A Chilean Sea Bass Recipe with Macadamia-Orange Crust sounds (and looks!) like a rather complex dish you might order at a swanky restaurant. But, as long as the fish is super fresh, it’s almost fail proof making this gourmet dinner entree at home.The inspiration for this dish was a delicious-sounding Parmesan Crusted Baked Fish recipe I stumbled upon online. Although I didn’t make the Parmesan Crusted Baked Fish recipe, I cook enough to tell you it would be amazing. However, I didn’t want to use all the cheese, butter and conventional mayonnaise called for in the recipe. Instead, I simply swapped ground macadamia nuts for the Parmesan Cheese, organic unrefined red palm oil for the butter (organic, unrefined red palm oil is a super food, by the way) and my own Clean Cuisine nut-based mayonnaise recipe for conventional store-bought mayonnaise (Click HERE to read why I don’t use store-bought mayonnaise.) I also added orange zest and Sriracha sauce just for extra flavor fun. Although I didn’t get to compare my Chilean Sea Bass Recipe head to head against the one online, I have to say my version was unspeakably tasty. It could quite possibly be my favorite Chilean Sea Bass recipe of all time. The fish absolutely has to be fresh though… Whether you are making a gourmet Chilean Sea Bass dish or an everyday simple salmon dinner, the fish you use has to be super fresh. In fact, in my opinion, the number one mistake people make when preparing fish dinners at home starts at the supermarket. So many people say they don’t know how to cook fish and so they just don’t eat it at home, but the REAL problems is that most people don’t know how to buy fish. Fish is actually incredibly easy to cook, but if the fish is not ultra fresh your recipe is doomed. Here are a few things you need to know when trying to buy the freshest fish for this recipe or any other fish dish…
The Best Tasting Chilean Sea Bass Recipe Starts with the Freshest FishHere are my tips for buying the the freshest Chilean Sea Bass:
- Choose a Quality Fish Market: Whether you are buying Chilean Sea Bass or any other fish, it is absolutely worth the extra effort to go to the best seafood market in your area. Ideally, you would want the market to voluntarily participate in the NOAA (National Oceanic and Atmospheric Administration) Seafood Inspection Program. You also want a market with a high turnover. The more fish a store sells, the fresher the fish selection will be. We live in North Palm Beach, Florida and after repeatedly being disappointed with the fish from Whole Foods Market and Publix, I now only buy my seafood from Cod and Capers, Carmines or Doris Italian Market. And believe it or not, I don’t pay any more for buying fish at these specialty shops either.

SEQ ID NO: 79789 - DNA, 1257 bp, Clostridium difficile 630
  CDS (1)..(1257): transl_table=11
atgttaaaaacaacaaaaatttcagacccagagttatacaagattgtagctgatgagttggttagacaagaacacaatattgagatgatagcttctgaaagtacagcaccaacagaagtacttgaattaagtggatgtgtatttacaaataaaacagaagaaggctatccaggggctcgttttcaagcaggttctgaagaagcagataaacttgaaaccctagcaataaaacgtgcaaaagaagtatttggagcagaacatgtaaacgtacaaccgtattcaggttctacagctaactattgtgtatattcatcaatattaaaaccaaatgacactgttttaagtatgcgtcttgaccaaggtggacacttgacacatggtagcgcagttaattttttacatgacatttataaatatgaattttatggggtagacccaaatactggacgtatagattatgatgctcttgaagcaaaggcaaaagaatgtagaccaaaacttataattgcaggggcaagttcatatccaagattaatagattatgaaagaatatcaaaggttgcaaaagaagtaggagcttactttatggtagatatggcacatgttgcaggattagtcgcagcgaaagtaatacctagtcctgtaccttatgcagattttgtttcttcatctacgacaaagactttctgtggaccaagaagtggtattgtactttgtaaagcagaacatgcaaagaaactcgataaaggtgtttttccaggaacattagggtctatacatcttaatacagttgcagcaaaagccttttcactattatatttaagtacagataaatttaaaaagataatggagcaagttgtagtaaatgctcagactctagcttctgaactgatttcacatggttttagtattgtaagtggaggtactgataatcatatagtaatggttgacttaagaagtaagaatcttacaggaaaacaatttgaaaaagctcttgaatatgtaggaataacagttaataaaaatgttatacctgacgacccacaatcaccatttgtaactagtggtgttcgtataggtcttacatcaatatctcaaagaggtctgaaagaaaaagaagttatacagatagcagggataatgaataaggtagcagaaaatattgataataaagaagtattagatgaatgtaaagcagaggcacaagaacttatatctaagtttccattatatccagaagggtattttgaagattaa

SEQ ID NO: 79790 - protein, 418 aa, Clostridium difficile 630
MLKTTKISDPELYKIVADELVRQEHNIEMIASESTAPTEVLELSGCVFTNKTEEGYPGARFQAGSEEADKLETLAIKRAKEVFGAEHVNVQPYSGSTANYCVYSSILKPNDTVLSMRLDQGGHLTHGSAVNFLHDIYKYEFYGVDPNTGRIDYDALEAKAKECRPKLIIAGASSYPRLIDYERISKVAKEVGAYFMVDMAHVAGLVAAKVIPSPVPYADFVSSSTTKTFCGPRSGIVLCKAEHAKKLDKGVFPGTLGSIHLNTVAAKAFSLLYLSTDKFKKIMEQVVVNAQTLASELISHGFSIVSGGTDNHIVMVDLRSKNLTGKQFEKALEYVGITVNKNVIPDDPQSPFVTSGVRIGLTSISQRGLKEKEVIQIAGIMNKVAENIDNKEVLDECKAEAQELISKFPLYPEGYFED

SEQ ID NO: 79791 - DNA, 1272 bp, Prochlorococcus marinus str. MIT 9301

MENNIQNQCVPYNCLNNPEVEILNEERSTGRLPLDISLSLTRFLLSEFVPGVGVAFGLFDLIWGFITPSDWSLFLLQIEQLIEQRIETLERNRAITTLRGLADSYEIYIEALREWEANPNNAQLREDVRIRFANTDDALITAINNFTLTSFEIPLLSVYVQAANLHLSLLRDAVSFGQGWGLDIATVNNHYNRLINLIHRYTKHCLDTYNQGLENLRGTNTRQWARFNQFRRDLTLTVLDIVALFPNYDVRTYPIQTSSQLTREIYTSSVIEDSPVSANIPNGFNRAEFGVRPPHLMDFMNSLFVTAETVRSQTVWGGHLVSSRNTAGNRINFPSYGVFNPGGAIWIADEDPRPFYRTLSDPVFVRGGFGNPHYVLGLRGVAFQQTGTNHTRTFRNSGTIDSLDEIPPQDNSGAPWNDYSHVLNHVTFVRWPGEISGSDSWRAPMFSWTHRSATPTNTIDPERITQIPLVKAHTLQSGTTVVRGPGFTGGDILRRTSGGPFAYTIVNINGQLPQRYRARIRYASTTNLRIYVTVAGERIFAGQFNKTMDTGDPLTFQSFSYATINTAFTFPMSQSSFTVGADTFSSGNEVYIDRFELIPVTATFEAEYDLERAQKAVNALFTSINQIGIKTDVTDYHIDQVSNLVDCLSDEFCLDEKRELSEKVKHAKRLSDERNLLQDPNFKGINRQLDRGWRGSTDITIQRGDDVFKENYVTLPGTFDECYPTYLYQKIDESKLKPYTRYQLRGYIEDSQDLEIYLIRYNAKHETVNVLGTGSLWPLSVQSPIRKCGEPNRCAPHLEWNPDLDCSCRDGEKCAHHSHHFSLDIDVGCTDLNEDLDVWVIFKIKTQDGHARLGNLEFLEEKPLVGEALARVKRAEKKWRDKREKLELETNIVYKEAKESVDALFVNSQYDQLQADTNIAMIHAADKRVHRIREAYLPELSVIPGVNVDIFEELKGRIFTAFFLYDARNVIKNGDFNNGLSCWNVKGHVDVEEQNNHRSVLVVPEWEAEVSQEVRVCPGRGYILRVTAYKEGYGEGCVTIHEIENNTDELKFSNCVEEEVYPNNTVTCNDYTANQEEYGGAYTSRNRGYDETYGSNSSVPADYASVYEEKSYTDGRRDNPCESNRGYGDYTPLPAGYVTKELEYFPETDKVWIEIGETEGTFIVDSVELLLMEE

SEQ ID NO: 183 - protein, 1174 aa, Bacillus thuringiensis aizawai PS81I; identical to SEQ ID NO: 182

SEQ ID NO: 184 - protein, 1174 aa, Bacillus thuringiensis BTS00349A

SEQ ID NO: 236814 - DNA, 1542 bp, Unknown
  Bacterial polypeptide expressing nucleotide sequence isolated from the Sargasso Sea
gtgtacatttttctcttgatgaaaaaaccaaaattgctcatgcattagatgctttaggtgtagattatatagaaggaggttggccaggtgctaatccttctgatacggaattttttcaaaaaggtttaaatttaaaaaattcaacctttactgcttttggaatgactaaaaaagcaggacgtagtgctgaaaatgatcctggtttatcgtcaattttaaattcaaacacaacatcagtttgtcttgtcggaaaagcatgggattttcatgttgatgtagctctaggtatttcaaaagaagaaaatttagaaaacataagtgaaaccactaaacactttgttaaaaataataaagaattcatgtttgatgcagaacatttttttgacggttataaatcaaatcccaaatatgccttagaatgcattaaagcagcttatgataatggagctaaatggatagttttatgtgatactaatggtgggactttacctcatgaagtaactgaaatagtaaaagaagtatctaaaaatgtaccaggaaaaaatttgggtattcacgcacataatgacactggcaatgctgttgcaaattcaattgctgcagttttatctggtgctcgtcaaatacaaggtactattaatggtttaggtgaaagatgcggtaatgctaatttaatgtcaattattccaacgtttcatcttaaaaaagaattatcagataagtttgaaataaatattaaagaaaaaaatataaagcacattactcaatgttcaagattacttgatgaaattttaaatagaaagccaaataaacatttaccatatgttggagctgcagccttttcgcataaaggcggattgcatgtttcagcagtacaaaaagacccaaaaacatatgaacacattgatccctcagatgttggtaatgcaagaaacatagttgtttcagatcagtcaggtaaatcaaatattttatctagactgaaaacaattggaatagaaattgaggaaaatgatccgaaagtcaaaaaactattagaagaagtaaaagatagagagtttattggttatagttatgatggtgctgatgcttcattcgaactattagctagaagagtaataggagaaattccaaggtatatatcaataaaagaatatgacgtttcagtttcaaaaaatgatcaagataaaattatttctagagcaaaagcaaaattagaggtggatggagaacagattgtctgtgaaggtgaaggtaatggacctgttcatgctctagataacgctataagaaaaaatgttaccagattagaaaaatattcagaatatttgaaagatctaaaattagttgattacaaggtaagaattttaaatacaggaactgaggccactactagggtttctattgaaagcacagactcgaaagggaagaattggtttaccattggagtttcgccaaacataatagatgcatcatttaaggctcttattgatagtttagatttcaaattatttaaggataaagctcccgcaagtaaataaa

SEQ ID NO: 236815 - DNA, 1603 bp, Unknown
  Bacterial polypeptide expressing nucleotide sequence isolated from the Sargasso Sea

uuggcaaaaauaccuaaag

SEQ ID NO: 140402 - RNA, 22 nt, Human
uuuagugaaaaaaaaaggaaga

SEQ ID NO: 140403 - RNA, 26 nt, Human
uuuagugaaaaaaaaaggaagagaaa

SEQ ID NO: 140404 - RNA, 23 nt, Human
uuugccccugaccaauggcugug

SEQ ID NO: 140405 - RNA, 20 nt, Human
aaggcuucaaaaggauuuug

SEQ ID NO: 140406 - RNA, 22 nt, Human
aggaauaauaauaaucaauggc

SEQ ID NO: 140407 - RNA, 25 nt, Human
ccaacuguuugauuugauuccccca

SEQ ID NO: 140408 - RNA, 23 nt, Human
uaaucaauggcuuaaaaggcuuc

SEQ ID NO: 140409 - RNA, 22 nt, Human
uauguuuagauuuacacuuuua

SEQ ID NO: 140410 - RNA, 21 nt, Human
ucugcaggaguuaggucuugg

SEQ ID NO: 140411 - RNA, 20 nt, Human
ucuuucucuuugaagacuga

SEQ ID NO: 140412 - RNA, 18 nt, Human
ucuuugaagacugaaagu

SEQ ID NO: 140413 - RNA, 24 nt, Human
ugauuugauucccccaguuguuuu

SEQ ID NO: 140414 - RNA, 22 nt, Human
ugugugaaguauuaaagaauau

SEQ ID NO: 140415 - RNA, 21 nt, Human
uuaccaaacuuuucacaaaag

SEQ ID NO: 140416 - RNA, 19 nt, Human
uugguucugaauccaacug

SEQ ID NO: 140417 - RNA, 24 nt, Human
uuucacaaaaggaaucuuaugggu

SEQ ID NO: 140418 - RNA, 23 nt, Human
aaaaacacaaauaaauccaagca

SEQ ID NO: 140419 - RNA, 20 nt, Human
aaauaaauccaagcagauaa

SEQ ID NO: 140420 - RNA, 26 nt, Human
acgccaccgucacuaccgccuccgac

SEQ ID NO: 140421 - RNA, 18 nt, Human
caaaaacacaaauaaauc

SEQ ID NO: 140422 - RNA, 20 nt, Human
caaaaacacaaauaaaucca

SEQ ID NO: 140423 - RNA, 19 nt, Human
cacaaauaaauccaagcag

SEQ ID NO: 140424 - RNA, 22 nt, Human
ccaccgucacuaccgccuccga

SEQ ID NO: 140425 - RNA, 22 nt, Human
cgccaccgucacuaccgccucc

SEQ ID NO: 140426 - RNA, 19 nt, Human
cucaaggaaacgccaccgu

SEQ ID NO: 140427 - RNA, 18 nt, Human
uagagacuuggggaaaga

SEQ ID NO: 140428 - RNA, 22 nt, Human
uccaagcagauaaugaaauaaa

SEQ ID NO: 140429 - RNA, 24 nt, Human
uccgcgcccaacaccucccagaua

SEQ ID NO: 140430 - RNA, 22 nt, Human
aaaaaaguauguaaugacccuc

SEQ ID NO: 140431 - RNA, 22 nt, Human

- Go for Fresh, Not Frozen: If buying fresh Chilean Sea Bass is not possible the next best thing is “Frozen-at-Sea” (FAS)―fish that has been flash-frozen at extremely low temperatures in as little as three seconds onboard the ship. But you definitely want to avoid buying any fish labeled “fresh from frozen”, which means it has been previously frozen and then thawed. Although it is displayed with the fresh fish, “Fresh from frozen” is not a fresh catch.
- Handle with Care: Ask for your Chilean Sea Bass to be packed in ice and then take it home and refrigerate at once. Do NOT put your fresh fish in the freezer! Ideally, you want to prepare your fish the same night you buy it, but waiting one day is okay too.
Tasty Stand-Ins: How to Make the Chilean Sea Bass Recipe Without Chilean Sea BassIf you absolutely cannot find super fresh Chilean Sea Bass, the next best fish substitute is black cod. Extremely flavorful without being “fishy”, black cod is the perfect substitute for Chilean Sea Bass. Like Chilean Sea Bass, black cod also had a sumptuous, melt-in-your-mouth buttery quality. If neither Chilean Sea Bass or black cod are available, you can still make the Chilean Sea Bass recipe with flounder or cobia. Although you shouldn’t have to alter the cooking time much for the cobia, the flounder will cook quicker than the Chilean Sea Bass, so just keep a careful eye on it. Overcooking is probably the second biggest mistake people make when cooking fish at home, by the way.